Planet Snoopy Expansion at California’s Great America
By Marc Ricketts
California’s Great America enters its 40th Season in 2015 with an expansion of Camp Snoopy and a couple of new shows added to the park’s entertainment lineup. Yes, after a protracted political process involving some particularly nasty exchanges between Chucky from the Rugrats and Peanut’s music whiz Schroder at a memorably raucous city council meeting, the Municipality of Kidzville has been absorbed by that unstoppable Megalopolis known as Planet Snoopy. So what does this mean for everybody else?
There are three new rides, although the Gr8 Sk8 was not operating on this June weekday visit. One assumes that riders will go back and forth on what is essentially an overgrown see saw. It does sport safety restraints that are more beefy than what is normally encountered on child focused rides.
The other two newbies, Peanuts 500 and Snoopy’s Space Buggies are fairly standard flat rides, either of which would feel right at home in Bugsland.
The rest of the former Kidzville still has most of what was there 15 years ago when the Boy was riding and playing in there, but all have been renamed and given Peanuts makeovers (except the small carousel which long ago lost Yogi Bear, et al, for an assortment of horses plus an occasional zebra). There have been no substantial changes in the original Planet Snoopy.
There is a new production in the Peanuts Playhouse: Charlie Brown’s Happy Campers. Like past shows, it’s a loose collection of musical numbers with multiple opportunities for audience participation. It’s nothing that will shake up the theater world too much, but credit the performers for giving it their all, even with fewer than 50 people in the audience.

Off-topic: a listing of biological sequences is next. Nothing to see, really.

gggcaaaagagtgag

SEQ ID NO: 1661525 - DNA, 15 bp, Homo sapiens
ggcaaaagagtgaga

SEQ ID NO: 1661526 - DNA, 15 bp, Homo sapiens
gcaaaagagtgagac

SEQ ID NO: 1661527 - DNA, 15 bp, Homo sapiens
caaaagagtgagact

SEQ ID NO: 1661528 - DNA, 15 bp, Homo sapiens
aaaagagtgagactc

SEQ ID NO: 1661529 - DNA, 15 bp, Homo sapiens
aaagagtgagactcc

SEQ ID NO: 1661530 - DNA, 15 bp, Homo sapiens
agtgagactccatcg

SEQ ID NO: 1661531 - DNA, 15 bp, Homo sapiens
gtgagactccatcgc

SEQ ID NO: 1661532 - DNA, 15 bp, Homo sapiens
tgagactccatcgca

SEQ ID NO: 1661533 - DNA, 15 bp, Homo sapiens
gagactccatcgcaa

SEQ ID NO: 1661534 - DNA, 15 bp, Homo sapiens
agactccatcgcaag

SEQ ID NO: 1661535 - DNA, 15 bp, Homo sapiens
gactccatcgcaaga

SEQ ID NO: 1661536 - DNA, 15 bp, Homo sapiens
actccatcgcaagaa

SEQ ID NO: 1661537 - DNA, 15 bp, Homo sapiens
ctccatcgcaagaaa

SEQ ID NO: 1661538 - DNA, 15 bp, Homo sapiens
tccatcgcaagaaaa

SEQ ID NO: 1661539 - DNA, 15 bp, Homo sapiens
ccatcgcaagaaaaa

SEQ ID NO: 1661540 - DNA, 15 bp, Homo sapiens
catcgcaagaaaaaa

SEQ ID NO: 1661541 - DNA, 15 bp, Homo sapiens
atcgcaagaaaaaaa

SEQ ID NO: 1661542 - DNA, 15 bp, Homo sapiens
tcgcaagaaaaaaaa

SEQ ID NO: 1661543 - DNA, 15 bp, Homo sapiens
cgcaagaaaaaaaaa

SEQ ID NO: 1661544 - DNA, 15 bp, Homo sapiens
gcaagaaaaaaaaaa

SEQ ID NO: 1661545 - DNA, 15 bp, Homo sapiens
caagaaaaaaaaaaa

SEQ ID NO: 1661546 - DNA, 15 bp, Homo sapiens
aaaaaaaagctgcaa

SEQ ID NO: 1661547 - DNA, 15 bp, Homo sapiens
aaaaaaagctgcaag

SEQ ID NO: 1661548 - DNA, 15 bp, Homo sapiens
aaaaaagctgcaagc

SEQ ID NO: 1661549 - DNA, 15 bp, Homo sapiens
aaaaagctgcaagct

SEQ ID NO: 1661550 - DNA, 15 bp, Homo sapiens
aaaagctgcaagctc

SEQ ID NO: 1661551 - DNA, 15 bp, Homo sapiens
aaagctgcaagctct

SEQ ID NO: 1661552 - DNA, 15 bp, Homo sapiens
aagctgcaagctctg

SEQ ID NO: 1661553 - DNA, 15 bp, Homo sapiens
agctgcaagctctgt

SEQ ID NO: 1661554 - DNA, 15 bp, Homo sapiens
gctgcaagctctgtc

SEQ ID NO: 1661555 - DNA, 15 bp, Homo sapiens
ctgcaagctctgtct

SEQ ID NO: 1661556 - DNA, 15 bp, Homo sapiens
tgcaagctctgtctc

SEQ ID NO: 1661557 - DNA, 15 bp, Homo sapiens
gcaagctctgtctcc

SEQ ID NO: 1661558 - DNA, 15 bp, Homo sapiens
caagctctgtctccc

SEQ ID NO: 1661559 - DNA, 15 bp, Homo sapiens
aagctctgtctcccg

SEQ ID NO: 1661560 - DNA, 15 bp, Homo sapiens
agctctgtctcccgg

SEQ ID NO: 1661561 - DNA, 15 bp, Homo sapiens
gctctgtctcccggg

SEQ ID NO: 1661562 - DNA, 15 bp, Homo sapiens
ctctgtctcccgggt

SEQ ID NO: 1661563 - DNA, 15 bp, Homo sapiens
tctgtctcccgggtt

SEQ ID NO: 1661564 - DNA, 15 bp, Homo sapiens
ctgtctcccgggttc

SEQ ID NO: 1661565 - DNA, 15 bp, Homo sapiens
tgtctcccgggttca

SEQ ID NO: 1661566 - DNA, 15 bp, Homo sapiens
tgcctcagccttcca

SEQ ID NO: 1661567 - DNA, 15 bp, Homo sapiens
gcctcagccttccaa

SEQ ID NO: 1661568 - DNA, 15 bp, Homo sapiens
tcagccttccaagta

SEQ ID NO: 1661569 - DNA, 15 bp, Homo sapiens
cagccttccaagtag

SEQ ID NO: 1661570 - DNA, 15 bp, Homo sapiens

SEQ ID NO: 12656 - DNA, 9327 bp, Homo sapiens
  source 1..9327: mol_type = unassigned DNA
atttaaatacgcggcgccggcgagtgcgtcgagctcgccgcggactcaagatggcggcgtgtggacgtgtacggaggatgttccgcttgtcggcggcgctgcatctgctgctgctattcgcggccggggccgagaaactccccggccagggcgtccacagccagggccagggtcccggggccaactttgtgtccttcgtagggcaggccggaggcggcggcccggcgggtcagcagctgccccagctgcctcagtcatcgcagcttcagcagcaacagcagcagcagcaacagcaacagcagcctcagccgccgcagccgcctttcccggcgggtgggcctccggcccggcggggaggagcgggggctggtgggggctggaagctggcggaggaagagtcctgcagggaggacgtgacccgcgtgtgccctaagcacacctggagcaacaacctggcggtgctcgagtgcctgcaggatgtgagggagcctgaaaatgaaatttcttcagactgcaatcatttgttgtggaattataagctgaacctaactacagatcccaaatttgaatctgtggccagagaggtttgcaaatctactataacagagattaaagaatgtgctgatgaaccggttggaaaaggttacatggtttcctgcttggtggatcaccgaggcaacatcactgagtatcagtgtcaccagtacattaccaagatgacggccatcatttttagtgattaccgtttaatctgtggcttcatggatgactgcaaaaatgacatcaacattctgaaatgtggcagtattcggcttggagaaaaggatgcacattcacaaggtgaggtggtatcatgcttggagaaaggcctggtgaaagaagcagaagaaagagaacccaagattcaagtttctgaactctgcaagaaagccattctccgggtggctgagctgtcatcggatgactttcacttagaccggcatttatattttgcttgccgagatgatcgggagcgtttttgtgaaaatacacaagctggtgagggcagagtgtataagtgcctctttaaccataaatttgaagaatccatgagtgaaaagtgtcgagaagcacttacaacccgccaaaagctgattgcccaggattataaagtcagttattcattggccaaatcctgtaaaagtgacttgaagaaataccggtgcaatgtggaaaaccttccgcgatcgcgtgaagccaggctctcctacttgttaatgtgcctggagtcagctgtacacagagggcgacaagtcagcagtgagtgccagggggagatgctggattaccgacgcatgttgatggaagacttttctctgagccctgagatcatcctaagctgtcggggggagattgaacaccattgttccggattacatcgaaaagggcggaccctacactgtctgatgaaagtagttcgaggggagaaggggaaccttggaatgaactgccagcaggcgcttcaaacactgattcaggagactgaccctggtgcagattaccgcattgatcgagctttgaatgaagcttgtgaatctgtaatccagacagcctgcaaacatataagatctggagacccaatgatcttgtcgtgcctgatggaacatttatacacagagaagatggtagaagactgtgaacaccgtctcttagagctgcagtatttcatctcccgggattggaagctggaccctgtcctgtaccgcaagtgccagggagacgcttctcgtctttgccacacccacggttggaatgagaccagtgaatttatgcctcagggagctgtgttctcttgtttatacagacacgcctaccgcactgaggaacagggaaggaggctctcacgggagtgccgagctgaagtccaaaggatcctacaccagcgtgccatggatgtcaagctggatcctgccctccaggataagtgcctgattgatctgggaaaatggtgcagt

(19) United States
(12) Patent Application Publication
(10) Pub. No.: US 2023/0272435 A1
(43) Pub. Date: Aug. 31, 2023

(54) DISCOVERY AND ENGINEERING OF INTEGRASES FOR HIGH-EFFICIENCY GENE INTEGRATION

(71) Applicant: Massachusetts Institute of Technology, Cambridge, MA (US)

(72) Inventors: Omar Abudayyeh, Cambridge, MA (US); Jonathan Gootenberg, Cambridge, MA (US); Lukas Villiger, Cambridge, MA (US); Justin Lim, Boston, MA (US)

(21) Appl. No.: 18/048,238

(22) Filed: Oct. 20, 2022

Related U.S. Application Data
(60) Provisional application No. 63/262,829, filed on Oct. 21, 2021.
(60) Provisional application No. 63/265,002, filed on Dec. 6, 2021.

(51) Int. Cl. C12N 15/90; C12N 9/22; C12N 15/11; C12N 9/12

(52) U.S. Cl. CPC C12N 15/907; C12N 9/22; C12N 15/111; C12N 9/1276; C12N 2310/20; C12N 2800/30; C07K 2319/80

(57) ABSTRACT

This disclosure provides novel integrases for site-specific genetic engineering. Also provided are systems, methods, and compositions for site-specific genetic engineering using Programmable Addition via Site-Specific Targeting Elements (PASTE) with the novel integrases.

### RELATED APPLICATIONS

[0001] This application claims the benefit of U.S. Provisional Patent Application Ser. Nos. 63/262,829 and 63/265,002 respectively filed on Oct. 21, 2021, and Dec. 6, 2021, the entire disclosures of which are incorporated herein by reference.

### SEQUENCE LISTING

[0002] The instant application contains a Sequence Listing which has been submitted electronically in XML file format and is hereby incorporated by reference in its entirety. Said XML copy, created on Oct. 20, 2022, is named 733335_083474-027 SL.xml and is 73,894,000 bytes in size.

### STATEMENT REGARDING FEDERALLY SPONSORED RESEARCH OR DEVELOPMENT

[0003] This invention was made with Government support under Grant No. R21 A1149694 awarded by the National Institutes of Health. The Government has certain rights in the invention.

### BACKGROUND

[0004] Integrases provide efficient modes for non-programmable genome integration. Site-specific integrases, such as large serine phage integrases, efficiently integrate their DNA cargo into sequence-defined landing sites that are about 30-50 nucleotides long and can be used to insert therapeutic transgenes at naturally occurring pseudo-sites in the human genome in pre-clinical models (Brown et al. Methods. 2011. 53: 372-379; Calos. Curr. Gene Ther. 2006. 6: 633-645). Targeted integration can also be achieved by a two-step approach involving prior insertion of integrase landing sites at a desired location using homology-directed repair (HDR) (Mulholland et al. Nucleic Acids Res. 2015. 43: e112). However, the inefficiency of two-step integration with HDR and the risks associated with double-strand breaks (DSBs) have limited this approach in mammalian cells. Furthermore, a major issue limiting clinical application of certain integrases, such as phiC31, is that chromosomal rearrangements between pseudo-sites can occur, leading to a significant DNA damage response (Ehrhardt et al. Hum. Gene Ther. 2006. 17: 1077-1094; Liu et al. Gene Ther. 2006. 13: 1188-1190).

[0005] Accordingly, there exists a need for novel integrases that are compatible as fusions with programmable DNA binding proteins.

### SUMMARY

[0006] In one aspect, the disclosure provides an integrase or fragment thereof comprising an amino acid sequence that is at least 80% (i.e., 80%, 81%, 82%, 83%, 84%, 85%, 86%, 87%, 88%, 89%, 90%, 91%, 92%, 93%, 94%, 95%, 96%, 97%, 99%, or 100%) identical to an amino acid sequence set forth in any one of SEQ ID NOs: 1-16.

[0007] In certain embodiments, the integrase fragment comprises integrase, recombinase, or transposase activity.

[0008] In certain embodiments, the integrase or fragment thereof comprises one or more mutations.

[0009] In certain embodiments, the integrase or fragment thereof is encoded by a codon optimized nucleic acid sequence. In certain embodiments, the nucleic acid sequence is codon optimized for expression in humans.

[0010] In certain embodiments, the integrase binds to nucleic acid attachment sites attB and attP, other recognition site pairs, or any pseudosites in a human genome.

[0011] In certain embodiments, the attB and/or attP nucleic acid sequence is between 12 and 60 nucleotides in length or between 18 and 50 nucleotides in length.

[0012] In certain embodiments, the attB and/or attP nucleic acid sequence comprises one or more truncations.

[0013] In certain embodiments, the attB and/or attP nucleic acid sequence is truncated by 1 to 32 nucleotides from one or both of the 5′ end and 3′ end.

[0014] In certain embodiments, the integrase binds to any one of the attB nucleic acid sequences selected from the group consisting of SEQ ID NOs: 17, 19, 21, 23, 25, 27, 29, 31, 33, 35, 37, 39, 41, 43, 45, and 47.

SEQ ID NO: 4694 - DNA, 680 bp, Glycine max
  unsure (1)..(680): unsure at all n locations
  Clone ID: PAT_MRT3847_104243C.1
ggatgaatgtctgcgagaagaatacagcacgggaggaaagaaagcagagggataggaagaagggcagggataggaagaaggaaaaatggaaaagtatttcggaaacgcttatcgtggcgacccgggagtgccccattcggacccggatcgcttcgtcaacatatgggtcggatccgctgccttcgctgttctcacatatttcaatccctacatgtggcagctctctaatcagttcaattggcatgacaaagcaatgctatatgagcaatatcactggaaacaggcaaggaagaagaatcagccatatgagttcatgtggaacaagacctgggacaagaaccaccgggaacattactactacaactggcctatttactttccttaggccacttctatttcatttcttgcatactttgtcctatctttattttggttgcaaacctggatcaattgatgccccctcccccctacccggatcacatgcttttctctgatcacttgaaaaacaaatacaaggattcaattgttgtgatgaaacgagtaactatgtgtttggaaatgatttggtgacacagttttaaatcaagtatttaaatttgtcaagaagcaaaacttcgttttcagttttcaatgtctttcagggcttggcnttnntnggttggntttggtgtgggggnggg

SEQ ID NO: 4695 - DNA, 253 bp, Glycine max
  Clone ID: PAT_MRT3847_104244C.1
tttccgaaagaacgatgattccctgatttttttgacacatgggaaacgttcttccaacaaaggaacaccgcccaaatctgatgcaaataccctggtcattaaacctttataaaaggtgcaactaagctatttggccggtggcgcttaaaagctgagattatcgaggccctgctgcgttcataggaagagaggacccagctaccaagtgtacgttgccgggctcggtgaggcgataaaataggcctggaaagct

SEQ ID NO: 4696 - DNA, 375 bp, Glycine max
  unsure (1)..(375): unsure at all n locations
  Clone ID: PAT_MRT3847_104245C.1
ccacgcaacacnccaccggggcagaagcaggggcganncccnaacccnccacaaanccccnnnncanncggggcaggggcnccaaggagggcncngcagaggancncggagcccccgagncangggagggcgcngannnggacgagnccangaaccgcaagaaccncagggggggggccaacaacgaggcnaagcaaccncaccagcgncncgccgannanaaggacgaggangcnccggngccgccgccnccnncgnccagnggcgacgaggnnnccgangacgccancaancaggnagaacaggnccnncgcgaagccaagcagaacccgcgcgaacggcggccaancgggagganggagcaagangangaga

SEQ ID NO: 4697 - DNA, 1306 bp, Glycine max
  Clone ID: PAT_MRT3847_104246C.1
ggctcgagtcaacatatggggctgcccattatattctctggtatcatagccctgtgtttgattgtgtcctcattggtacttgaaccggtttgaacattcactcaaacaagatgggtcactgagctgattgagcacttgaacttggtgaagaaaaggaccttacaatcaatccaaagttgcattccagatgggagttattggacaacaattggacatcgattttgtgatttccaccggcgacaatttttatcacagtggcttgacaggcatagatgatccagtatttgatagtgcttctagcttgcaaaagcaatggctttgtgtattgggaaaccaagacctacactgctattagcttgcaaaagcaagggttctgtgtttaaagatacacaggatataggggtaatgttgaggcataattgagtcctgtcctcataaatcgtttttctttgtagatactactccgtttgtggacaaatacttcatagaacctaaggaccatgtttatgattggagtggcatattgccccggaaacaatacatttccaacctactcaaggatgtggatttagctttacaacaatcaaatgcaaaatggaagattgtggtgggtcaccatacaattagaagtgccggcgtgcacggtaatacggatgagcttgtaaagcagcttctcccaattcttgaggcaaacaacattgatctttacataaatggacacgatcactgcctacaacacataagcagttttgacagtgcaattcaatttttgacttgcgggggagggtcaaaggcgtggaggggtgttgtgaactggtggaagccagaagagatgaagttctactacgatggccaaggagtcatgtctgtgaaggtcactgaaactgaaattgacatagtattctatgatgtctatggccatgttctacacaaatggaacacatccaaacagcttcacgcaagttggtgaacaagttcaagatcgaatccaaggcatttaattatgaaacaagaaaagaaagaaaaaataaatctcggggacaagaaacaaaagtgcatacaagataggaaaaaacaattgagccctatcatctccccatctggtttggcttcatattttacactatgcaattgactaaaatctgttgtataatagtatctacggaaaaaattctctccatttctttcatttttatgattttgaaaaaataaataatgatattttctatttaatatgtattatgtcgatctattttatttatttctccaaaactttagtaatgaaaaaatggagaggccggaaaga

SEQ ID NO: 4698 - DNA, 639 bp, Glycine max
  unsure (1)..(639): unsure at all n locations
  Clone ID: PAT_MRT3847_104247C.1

Many shows at Great America are dark two days a week, and on this day that meant there was no Peanuts Jam Session at the newly renamed Peanuts Show Place, where your humble narrator shocked his child long ago by surreptitiously volunteering for the Scooby Doo show. To be sure, sitting through a Peanuts Jam Session sounds absolutely ghastly. But since last season’s magic [sic] show was absolutely ghastly, this is a sideways move at worst.
Another show that was dark was 40 Years of Summer at the Theater Royale.
It actually seems really empty over there, doesn’t it?
As you may have heard, there was an accident involving the B&M inverted coaster Flight Deck (formerly Top Gun) on June 12. Six days later the ride remained closed, even though all reports appear to conclude that the ride itself did not malfunction. However, a park worker was struck in the head by a returning train while retrieving a dropped phone. A rider on the train was also injured, reportedly losing part of a finger tip. I will add any information that may become available in the comments below.
In happier coaster news, a statement made by a Cedar Fair executive in a Cleveland business publication indicates that Vortex will be converted from a stand up coaster to a floorless. Stand ups were kind of a gimmick whose time has passed. While Riddler’s Revenge at Magic Mountain is a masterpiece of design, most are not. Vortex has a rather small footprint that meant tighter turns that are desirable with the stand up design, so a conversion would almost certainly be an improvement.
In related news, there are increasing rumors that Roar at Six Flags Discovery Kingdom will get the kind of track conversion being received by woodies like Twisted Colossus, so by this time next year there may be something more exciting to report than a few new kiddie rides. But for now we’ll just finish walking around Great America until the next Day by the Bay.